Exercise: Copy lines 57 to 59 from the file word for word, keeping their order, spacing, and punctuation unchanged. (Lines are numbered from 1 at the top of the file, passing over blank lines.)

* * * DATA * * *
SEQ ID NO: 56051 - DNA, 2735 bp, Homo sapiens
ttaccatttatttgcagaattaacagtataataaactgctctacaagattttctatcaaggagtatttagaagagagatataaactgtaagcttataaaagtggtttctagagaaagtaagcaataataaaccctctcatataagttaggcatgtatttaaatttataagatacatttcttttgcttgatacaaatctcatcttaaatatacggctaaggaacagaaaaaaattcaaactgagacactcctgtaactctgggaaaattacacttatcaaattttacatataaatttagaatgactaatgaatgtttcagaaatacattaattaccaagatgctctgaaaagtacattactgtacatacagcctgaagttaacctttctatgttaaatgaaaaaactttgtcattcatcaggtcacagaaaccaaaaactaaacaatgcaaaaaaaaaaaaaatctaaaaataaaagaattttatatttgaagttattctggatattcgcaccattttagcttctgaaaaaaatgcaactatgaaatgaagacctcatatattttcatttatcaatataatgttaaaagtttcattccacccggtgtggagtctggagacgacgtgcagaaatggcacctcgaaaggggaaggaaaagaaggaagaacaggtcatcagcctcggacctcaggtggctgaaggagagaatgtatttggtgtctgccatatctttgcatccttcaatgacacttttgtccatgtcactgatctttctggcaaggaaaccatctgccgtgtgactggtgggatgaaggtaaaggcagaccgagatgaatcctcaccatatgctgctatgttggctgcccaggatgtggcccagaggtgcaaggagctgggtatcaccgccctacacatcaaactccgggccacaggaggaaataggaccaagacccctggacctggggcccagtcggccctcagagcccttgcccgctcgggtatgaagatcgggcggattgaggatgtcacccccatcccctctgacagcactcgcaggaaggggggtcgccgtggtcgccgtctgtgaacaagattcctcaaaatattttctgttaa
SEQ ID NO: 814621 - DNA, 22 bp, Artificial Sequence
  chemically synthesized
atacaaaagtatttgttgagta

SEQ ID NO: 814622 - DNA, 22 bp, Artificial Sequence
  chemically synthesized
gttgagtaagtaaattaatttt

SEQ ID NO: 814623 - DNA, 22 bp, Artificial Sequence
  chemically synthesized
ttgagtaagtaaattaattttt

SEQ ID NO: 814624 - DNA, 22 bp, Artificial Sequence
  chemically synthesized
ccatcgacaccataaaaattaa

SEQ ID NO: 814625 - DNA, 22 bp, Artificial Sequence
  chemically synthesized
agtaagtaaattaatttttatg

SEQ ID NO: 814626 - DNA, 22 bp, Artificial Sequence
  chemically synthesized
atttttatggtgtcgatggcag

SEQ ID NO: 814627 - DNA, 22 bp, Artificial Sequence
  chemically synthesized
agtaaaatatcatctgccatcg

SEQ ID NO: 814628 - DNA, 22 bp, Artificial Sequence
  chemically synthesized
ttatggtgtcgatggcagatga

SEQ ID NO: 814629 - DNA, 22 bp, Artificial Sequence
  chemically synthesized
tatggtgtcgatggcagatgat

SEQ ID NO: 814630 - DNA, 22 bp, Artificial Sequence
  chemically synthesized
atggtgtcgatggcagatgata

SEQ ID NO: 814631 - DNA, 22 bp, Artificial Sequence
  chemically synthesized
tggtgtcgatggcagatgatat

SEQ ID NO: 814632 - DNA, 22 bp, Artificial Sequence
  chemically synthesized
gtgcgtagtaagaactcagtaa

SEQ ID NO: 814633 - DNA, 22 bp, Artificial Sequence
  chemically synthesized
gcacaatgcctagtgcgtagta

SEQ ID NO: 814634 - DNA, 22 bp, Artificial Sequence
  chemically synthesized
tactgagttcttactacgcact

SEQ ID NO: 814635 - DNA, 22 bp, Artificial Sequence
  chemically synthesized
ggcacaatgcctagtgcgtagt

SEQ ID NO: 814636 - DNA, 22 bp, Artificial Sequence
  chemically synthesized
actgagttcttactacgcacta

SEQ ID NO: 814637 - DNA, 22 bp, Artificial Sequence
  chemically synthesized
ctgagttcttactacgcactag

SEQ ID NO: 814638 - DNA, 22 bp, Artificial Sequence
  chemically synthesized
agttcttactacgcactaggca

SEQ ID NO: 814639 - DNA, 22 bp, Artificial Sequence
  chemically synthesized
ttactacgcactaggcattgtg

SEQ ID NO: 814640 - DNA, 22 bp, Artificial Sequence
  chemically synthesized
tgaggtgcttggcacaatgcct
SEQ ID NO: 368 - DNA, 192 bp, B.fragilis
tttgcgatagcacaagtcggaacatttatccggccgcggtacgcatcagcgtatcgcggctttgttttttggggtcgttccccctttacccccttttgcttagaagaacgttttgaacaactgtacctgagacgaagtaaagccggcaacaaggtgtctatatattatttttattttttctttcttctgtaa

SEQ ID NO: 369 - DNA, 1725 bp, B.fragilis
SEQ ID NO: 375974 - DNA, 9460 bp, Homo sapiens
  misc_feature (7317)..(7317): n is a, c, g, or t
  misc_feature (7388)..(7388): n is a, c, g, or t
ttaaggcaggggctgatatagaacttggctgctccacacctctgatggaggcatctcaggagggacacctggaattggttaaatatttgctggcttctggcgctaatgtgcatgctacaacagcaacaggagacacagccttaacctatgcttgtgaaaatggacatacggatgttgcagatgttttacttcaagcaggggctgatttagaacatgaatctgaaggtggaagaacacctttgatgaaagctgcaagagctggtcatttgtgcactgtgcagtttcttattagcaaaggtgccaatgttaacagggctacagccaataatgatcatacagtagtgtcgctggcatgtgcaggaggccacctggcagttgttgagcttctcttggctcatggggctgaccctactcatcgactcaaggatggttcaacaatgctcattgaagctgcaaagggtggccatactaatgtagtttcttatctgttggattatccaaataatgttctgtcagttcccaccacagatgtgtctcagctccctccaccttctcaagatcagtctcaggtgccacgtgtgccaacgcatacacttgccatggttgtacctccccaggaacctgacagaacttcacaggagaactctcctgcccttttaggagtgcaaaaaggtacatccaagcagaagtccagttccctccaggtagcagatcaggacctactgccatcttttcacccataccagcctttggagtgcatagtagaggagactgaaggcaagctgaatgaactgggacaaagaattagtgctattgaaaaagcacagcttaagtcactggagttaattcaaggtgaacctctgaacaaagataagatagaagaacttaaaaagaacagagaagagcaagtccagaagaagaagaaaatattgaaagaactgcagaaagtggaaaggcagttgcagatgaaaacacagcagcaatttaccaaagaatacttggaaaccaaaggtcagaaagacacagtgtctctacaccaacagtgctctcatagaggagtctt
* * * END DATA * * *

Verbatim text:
SEQ ID NO: 814639 - DNA, 22 bp, Artificial Sequence
  chemically synthesized
ttactacgcactaggcattgtg